Equipment

As much as I say & feel that I do not watch much television, being in Europe makes me start to suspect my assessment is a little off. This is reinforced by the amount of books that  I go through away from the states. Halfway through my Parisian residency I always need to restock my bedside pile.

There are certain publishers which one can not go wrong in choosing almost anything by them such as NYRB and Green Intenger. The same goes in non fiction  for certain authors. For art writing & biographies, it does not matter if you know or like the artists, anything by Jed Perl, Richard Ellman, Ross King and John Richardson is worth delving into.

To almost zero notice John Richardson passed away recently. He had become a gallerist, putting together some amazing Picasso shows, often in conjunction with the artist’s family. He wrote articles for such magazines as vanity fair. His earlier years he had sat at collector Douglas Cooper’s side, moving through (art) history, bearing witness to important events and also the behind the scenes dynamics. He wrote several fantastic books on this which shows the all too human side of great artists without ever lapsing into mere salacious gossip.

Perhaps the most important thing John Richardson did was the massive multi volume set on the life of Picasso. He was working on the fourth, final volume when he died. These volumes get into meticulous detail about the artist’s life, those around him and the times he lived in. Impressively, over the course of all the volumes Richardson manages to write without agenda, neither praising Picasso to the sky nor trying to tear him down. The artist as a talented yet imperfect man is presented.

Picasso is sometimes talked about as a magician for the protean way he seemed to conjure up new genres. He was mercurial in his ability to shift styles, often creating his own new ones before dropping them to birth a new phase. However, a point Richardson goes into and one which has become more public knowledge was that he did not spontaneously create from nothing. Picasso was a bit of a magpie. Direct contemporaries used to tell each other not to have works on display when he came to visit the studio or he would borrow ideas that he liked, making them his own. Many opted to turn unfinished canvas around to face the wall like an ill behaved child.

All artists wear masks out in public. Piccasso’s public persona was that of a sui generous, fully formed at birth. There is no disputing that the talent was there from the get go but like even the most individualized genius, he took from and was inspired by ideas from outside of himself. According to  him, all his then radical ideas which freed up generations of painters were solely of his invention. There seemed to be a feeling that he would be a lesser titan were sources to be cited. Oceanic art, Matisse et al were kept hidden ingredients in his recipe book.   Great trouble was taken on his part to hide or camouflage the sources not his own which he turned to gold.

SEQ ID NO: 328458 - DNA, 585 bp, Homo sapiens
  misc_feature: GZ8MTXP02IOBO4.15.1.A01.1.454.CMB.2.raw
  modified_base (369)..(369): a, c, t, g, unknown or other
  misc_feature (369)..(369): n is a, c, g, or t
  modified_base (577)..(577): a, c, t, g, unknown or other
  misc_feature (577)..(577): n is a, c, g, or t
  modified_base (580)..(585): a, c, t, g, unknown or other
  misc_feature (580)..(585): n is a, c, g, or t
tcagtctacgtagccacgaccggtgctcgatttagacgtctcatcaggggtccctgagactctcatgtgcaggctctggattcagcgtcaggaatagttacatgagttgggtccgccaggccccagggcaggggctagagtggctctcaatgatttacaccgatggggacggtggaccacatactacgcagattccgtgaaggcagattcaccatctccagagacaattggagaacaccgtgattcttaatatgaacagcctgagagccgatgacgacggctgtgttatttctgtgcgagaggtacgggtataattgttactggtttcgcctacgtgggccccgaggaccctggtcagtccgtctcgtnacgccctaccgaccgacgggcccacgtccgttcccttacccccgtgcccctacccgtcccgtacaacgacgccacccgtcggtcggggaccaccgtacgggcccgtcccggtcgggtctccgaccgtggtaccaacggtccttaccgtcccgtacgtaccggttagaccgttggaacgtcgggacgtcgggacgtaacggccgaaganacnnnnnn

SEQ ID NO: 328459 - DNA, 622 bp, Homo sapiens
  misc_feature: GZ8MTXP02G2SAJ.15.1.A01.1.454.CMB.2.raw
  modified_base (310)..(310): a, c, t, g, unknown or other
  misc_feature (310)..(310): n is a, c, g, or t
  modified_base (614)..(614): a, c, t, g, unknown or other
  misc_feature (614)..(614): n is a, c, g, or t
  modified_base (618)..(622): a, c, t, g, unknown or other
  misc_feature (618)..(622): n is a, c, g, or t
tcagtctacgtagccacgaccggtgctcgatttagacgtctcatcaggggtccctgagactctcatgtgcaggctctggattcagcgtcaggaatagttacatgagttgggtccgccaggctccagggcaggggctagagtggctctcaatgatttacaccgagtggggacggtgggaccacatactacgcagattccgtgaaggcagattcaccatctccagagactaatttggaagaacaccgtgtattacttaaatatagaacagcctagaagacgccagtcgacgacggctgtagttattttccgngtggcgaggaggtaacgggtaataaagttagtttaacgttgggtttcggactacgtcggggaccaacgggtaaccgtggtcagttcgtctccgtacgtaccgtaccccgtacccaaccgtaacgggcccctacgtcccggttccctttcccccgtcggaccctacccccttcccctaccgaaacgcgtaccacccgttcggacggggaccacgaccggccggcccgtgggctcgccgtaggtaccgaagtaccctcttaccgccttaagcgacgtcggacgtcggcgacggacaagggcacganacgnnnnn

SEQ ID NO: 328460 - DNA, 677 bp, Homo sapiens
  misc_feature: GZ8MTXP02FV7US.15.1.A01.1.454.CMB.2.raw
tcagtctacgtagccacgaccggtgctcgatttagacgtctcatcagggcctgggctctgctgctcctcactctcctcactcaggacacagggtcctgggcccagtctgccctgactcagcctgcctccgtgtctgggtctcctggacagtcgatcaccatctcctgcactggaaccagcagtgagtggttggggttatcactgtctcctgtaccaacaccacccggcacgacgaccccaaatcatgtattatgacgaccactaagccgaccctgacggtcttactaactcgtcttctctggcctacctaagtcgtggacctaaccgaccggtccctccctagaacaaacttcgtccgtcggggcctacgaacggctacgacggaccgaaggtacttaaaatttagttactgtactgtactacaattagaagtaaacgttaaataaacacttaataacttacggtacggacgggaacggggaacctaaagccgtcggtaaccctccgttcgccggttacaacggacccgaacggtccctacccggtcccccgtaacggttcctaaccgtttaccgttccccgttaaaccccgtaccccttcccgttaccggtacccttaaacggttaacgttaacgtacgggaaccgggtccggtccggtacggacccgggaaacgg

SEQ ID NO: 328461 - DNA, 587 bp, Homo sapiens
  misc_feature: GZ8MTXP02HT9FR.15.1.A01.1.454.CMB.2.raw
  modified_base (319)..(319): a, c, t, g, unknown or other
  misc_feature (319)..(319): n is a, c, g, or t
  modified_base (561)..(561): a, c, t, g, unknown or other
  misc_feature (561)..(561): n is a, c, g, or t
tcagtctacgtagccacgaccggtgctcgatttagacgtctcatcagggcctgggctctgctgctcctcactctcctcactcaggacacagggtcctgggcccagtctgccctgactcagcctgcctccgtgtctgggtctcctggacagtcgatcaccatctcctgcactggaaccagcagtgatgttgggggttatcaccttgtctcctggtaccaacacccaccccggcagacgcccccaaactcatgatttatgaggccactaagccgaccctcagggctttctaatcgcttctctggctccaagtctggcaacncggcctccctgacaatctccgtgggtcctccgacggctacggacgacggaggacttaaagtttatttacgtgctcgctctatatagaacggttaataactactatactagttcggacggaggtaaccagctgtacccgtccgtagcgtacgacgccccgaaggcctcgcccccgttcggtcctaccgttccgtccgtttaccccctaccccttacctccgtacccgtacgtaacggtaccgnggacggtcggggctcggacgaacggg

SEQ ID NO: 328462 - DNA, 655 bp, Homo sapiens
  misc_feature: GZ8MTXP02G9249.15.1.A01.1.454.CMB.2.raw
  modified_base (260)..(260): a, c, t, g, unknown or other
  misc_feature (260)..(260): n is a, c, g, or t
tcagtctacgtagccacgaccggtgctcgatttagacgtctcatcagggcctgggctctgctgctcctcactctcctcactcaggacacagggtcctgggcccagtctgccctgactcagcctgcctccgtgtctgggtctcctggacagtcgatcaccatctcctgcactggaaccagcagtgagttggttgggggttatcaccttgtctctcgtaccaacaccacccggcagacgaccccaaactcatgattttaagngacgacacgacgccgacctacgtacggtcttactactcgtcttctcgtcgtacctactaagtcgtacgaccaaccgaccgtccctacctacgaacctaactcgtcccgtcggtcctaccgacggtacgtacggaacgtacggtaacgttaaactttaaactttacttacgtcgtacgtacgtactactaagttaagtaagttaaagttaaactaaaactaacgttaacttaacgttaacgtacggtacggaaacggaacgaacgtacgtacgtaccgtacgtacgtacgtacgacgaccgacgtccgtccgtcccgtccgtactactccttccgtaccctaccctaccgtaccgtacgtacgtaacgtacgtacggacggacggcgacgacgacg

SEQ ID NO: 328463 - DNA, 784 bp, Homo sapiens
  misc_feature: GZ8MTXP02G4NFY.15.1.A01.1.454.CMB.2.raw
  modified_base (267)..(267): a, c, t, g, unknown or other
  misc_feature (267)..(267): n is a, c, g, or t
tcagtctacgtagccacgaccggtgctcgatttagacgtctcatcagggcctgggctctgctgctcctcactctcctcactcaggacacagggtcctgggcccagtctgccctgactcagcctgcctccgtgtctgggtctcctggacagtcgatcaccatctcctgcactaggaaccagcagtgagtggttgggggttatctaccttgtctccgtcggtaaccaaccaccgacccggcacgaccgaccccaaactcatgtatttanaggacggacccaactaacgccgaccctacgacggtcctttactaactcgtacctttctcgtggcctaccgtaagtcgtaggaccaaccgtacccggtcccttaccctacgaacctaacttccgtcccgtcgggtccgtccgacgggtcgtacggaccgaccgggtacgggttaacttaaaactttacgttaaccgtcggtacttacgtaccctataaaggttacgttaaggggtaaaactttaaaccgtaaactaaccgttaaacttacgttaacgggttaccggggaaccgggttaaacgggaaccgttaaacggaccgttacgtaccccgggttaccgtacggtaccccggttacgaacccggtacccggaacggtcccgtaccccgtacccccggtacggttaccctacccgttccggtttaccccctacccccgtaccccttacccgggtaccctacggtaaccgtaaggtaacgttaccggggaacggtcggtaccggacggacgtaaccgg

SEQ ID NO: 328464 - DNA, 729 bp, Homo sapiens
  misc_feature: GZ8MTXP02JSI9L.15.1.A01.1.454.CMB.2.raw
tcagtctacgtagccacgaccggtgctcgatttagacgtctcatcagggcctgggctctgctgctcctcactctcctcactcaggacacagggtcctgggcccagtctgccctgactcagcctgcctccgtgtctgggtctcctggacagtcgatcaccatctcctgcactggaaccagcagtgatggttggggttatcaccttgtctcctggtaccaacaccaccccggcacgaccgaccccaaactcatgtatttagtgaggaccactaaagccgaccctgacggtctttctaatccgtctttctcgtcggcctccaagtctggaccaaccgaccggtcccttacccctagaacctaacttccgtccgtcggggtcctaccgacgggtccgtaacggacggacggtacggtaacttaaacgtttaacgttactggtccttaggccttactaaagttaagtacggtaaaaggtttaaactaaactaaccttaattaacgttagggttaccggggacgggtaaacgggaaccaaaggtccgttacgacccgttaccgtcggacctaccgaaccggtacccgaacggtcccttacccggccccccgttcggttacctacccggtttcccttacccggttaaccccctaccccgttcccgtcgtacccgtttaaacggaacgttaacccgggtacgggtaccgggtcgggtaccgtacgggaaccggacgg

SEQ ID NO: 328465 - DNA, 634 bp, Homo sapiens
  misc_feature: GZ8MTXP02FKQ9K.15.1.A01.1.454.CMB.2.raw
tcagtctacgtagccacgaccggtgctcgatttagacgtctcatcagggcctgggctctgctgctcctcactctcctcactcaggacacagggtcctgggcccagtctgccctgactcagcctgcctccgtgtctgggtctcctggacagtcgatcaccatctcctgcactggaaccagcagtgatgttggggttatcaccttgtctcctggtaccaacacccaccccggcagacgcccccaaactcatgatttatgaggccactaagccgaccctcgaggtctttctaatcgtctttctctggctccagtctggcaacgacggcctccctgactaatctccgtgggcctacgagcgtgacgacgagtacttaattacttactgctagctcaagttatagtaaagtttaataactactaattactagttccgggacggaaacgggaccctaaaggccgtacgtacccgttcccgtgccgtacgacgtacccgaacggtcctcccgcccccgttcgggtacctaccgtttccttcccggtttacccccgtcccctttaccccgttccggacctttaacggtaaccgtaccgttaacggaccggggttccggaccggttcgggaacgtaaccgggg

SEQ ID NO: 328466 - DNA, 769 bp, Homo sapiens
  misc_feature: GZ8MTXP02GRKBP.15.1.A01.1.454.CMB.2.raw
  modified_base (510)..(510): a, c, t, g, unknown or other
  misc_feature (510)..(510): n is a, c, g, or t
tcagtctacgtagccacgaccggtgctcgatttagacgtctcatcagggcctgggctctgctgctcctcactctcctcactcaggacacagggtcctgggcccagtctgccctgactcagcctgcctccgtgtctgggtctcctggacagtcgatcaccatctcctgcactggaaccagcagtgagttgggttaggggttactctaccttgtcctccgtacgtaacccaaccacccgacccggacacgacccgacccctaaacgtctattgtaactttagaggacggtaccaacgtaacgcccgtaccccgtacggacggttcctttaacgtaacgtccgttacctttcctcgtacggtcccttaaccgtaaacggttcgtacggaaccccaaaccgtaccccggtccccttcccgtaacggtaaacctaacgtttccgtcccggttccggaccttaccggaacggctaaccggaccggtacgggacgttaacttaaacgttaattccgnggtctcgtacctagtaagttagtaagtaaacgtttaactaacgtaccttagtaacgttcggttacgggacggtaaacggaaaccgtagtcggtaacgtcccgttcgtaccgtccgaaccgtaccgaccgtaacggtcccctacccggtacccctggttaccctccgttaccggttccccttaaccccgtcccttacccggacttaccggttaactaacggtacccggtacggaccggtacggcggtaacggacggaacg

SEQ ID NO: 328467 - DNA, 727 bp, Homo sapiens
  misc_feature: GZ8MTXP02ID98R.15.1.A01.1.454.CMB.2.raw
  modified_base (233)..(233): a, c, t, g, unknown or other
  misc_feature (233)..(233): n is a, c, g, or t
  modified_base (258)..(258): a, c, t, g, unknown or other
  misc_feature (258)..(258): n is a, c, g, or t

To me, this always seemed oddly tragic as much time and energy was wasted on trying to cover up that which has become common knowledge. Even some of the poorer written biographies on Picasso now easily trace some of what ideas from others went into radically new and important works.

I am paraphrasing here but towards the end of the third volume it was said that he still possessed a virtuoso’s voice but with very little to say. I think part of this was that he was existing outside of the stream of life. The vitality of being in competition with his peers or if not that then at least among them at cafes, parties and studios serves as stimulation. Being surrounded by a crowd who hangs on your every word and who in one way or another are dependent upon you is not the same.  On the first flush of huge fame it was more important to him that he keep his secrets. After that, that he not be wrong, corrected or not the alpha.

By comparison, artists like Renoir, Matisse, Calder and Giacometti even once famous and older, would make it a point to still put in appearances  at cafes and studios to see what was new with the upcoming generations while chatting of their latest works.

All this inspired me. I would never waste any time nor effort in being secretive. If someone created an effect in one of their works which I do not know how to do, unashamed, I will ask “how?”. If anyone asks me about what equipment I use/used on a piece, i will gladly tel them.  Much to my surprise, not all my peers are like this. Asking a slightly older painter how she achieved an effect, what she had used, I received a curt “watercolors”. When I politely asked for specifics it became clear she did not want to tell me. This is absurd as two people can have same recipe and ingredients yet when the dish is made they will be different from one another.